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Anti-cancer drug identified by UCLA researchers shows promise treating high-risk COVID-19 patients

 

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UCLA

From left: Dr. Vaithilingaraja Arumugaswami and Dr. Robert Damoiseaux.

Researchers from UCLA are part of a collaboration of scientists from several universities studying the potential that the anti-cancer drug berzosertib could be effective in treating or preventing SARS-CoV-2, the virus that causes COVID-19.

In development by the German drug manufacturer Merck KGaA Darmstadt, Germany, berzosertib is a protein kinase inhibitor that has shown to be effective in treating small-cell lung cancer, ovarian cancer and other types of cancers by blocking the tumor’s ability to replicate. Protein kinase inhibitors are substances that block the action of enzymes responsible for cell signaling, growth and division, among other functions.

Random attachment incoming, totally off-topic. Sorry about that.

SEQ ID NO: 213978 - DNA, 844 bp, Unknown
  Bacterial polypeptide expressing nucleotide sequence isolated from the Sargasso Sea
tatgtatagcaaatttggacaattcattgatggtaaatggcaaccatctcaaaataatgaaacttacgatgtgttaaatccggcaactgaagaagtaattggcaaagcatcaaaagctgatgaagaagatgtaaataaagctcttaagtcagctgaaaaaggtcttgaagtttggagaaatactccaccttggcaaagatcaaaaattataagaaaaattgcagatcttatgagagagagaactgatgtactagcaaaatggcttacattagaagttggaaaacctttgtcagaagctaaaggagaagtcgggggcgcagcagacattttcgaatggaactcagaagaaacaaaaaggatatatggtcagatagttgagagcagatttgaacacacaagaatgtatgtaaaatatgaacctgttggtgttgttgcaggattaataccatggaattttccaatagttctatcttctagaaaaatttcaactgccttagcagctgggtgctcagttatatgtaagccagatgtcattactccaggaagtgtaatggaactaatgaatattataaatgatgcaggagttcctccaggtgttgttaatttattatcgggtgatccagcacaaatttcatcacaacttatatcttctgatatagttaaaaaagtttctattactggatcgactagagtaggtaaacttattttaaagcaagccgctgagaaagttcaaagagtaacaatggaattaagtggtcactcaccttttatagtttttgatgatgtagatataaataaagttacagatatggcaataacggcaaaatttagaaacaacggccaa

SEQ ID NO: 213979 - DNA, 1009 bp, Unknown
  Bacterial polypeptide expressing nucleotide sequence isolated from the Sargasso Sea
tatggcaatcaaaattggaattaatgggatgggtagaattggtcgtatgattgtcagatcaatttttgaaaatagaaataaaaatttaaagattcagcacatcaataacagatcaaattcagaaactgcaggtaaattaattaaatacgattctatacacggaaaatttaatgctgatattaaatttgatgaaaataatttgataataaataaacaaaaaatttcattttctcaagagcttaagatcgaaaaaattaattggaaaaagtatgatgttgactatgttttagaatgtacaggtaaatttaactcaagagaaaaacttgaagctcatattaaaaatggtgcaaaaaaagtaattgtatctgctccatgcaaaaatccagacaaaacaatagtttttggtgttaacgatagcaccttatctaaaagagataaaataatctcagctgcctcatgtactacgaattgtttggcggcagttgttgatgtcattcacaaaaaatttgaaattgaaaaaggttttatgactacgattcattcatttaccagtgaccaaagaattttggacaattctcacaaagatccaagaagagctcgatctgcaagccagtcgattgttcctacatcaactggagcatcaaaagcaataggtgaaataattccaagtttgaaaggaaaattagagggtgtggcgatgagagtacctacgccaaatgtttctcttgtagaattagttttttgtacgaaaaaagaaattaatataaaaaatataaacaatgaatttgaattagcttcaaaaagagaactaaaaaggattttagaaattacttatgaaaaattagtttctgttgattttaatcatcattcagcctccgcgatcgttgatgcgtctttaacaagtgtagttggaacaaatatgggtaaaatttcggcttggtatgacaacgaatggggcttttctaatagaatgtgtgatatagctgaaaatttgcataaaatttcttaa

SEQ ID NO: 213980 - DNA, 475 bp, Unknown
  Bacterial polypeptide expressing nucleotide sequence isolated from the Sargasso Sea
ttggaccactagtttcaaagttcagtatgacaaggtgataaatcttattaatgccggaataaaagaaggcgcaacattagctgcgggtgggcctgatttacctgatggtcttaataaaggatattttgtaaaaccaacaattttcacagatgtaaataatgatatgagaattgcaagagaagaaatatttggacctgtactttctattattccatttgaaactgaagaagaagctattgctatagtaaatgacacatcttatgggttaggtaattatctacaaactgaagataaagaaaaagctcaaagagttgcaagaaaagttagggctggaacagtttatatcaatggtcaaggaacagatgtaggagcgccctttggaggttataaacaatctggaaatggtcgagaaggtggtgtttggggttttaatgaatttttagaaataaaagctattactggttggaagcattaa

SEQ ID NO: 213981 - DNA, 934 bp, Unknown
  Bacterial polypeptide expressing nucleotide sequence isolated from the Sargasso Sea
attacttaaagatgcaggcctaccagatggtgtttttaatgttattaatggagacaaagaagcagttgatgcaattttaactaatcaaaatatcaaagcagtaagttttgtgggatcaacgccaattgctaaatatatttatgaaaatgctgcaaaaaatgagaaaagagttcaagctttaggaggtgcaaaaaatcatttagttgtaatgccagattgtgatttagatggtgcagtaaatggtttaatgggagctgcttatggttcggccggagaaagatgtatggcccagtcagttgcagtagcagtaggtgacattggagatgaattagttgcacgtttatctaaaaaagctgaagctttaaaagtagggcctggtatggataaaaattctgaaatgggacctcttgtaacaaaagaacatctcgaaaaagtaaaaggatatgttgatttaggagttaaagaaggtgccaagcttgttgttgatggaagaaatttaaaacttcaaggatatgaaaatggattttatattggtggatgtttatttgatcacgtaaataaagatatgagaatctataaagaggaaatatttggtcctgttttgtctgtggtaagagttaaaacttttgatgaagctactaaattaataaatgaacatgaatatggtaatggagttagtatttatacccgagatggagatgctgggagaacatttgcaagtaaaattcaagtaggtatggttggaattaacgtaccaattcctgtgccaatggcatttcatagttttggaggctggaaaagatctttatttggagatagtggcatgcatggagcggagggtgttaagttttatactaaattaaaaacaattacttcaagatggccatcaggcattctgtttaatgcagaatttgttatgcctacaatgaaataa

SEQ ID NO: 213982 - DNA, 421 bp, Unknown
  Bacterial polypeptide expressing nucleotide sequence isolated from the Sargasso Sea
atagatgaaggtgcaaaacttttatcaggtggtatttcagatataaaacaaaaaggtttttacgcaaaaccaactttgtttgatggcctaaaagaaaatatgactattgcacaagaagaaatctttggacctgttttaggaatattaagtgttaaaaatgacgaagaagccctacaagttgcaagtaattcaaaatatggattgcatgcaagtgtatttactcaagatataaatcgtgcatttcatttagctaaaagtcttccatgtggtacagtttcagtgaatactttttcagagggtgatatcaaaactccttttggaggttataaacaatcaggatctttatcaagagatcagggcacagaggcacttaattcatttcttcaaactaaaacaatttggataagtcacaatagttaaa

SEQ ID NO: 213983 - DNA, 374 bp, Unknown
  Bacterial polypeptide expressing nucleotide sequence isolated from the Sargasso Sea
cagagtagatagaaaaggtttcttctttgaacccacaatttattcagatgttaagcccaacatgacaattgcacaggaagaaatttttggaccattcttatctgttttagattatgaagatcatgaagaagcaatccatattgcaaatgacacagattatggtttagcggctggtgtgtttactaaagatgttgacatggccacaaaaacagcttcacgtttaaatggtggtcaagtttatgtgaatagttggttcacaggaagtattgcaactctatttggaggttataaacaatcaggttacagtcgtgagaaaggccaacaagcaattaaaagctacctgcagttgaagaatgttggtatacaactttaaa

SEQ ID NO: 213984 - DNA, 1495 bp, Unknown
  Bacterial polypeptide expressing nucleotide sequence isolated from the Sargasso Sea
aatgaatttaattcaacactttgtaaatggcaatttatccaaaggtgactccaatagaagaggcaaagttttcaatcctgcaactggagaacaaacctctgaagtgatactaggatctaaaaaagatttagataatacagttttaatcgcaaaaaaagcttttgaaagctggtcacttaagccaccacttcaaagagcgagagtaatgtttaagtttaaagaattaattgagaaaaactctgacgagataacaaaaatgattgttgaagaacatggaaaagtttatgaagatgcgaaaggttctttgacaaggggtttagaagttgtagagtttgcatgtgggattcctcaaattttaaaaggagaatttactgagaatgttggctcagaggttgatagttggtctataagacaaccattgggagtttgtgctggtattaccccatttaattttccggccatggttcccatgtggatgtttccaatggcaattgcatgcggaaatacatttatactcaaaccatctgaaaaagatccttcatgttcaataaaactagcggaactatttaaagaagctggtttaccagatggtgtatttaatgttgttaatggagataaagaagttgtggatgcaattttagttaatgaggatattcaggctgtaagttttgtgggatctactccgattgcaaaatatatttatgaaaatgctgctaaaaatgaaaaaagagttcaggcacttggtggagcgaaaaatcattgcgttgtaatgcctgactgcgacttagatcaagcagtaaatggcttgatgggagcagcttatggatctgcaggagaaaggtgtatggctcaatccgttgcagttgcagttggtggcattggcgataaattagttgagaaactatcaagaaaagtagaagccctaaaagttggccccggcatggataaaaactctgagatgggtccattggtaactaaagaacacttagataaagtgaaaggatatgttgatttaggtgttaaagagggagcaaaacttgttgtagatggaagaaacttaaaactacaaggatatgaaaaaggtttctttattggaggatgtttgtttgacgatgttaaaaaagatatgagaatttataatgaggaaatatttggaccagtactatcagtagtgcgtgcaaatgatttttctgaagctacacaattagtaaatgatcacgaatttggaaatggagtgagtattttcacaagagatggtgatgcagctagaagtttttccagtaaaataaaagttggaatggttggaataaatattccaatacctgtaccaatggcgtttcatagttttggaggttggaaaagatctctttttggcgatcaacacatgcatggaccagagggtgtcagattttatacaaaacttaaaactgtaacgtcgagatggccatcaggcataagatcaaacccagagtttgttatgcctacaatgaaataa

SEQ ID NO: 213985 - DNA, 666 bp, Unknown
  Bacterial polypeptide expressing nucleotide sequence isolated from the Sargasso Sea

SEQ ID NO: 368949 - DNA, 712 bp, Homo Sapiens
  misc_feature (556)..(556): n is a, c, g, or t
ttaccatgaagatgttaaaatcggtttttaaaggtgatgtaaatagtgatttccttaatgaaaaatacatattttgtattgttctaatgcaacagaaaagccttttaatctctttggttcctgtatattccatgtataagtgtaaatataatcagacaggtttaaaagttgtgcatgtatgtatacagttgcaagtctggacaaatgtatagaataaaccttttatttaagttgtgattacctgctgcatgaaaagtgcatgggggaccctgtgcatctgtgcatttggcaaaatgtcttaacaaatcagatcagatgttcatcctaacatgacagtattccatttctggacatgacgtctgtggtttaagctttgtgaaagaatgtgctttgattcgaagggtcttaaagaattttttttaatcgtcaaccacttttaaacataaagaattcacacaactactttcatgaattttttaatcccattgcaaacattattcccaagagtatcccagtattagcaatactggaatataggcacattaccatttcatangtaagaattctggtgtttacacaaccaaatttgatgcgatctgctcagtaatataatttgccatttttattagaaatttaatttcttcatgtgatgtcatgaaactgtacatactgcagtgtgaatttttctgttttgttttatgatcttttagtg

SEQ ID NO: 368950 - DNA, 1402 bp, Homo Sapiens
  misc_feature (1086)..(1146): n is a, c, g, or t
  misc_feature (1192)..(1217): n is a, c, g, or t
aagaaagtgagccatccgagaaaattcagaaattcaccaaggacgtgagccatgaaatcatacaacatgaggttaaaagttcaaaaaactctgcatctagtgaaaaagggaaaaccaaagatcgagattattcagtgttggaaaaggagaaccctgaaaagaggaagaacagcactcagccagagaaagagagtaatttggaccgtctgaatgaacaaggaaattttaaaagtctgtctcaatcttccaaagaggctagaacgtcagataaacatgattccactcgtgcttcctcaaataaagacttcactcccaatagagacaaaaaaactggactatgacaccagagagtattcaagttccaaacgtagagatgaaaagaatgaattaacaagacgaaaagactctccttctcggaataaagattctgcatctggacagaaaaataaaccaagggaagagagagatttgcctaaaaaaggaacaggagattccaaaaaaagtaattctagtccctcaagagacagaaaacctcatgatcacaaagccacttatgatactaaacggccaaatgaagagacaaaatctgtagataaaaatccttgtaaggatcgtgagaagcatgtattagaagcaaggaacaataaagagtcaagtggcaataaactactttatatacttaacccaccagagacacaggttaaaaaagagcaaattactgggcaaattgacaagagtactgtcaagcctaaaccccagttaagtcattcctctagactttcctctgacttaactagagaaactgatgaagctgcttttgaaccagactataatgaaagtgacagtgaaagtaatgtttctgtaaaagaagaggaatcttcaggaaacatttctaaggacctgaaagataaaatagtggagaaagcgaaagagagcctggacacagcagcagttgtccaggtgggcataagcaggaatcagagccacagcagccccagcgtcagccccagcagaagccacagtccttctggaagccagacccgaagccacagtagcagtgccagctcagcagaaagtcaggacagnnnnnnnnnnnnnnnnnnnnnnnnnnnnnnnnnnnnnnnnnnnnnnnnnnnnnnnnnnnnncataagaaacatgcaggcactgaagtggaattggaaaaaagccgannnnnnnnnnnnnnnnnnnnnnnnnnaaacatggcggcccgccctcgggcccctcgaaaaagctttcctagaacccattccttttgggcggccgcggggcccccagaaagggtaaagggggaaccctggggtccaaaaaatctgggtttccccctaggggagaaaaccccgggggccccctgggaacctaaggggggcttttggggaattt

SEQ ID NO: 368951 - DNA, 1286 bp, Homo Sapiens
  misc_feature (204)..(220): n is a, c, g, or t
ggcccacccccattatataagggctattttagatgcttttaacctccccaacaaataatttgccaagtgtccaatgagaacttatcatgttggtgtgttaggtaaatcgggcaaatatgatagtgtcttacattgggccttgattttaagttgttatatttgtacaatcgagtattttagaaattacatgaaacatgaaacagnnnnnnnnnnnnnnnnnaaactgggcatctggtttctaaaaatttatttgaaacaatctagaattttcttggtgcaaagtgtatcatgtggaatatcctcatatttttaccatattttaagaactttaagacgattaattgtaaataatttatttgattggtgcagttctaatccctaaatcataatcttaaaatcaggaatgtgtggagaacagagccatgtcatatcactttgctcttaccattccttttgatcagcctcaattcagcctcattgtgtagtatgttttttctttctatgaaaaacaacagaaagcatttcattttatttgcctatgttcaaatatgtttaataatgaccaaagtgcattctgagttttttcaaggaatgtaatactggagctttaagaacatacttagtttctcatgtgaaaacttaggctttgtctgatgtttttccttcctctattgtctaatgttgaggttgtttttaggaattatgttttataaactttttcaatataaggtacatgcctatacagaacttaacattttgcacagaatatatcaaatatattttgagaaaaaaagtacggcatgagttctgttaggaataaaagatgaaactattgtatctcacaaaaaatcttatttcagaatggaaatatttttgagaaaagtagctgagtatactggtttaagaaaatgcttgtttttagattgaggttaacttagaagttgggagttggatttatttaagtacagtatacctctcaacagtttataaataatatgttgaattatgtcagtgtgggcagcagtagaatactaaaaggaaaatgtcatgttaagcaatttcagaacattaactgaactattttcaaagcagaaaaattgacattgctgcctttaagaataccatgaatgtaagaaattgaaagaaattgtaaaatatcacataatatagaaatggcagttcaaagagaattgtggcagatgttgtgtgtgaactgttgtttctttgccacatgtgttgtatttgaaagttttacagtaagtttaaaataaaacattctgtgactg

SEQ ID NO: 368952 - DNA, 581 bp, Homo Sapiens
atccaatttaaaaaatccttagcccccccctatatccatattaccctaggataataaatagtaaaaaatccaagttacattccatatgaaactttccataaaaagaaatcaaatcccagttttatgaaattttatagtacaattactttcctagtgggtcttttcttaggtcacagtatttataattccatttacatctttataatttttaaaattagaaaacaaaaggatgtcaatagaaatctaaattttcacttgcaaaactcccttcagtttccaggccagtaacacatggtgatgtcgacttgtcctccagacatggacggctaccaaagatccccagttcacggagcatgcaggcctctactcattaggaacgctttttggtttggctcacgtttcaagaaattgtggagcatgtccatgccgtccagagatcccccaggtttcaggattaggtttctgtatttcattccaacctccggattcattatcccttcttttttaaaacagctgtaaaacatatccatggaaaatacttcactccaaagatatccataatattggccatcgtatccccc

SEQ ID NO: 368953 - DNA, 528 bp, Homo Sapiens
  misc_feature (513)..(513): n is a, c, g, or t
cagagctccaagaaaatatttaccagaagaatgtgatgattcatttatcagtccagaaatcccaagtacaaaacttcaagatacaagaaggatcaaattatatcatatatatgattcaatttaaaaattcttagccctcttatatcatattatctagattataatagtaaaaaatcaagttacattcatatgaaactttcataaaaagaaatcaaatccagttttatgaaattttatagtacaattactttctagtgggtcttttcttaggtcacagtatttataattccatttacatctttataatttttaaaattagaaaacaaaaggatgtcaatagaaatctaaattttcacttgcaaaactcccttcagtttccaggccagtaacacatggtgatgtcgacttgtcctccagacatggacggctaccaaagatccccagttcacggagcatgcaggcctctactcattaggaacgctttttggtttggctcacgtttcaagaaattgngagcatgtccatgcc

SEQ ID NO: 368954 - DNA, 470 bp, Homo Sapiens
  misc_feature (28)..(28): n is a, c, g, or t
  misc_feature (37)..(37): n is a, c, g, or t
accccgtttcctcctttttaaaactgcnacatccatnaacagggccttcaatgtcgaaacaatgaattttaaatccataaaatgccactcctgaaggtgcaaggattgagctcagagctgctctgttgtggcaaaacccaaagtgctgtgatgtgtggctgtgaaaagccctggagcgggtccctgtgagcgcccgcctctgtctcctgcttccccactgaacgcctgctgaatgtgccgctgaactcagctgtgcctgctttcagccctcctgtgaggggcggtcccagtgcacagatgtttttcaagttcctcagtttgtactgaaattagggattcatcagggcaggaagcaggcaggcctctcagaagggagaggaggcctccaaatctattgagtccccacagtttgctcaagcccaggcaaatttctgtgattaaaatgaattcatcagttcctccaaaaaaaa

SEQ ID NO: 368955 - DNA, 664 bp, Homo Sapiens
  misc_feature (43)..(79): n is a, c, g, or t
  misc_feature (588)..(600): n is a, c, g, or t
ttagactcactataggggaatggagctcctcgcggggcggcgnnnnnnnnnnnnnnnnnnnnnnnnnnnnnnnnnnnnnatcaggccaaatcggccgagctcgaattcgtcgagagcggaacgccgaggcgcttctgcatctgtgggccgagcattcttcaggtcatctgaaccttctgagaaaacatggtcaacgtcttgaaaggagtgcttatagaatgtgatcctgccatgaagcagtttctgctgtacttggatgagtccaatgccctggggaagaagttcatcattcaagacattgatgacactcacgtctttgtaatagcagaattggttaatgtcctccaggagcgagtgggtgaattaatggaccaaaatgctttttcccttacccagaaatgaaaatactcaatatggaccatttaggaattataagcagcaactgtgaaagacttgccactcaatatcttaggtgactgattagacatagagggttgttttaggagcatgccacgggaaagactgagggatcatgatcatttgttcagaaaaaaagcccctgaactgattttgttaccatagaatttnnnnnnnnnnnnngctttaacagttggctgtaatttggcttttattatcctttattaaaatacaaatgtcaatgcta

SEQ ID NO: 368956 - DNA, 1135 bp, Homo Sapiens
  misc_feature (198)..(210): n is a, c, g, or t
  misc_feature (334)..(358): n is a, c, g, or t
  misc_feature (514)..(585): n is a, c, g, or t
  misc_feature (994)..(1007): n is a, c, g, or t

Berzosertib is currently in separate early- and mid-stage clinical trials in combination with chemotherapy.

The study, published in Cell Reports, was co-authored by Robert Damoiseaux, PhD, a professor of molecular and medical pharmacology and of bioengineering at UCLA, and Vaithilingaraja Arumugaswami, PhD, an associate professor of molecular and medical pharmacology at UCLA. Both are members of the California NanoSystems Institute at UCLA.

Other co-authors are from UCLA, Cedars-Sinai Medical Center, UC Irvine, University of Delaware, the Leibniz Institute for Experimental Virology in Germany, Heidelberg University in Germany, and Scripps Research Institute.

Read on in the UCLA press release

This research was supported in part by the Broad Stem Cell Research Center, the UCLA David Geffen School of Medicine, UCLA CTSI (using funds obtained through the UCLA Oversight COVID-19 Research Committee) and more.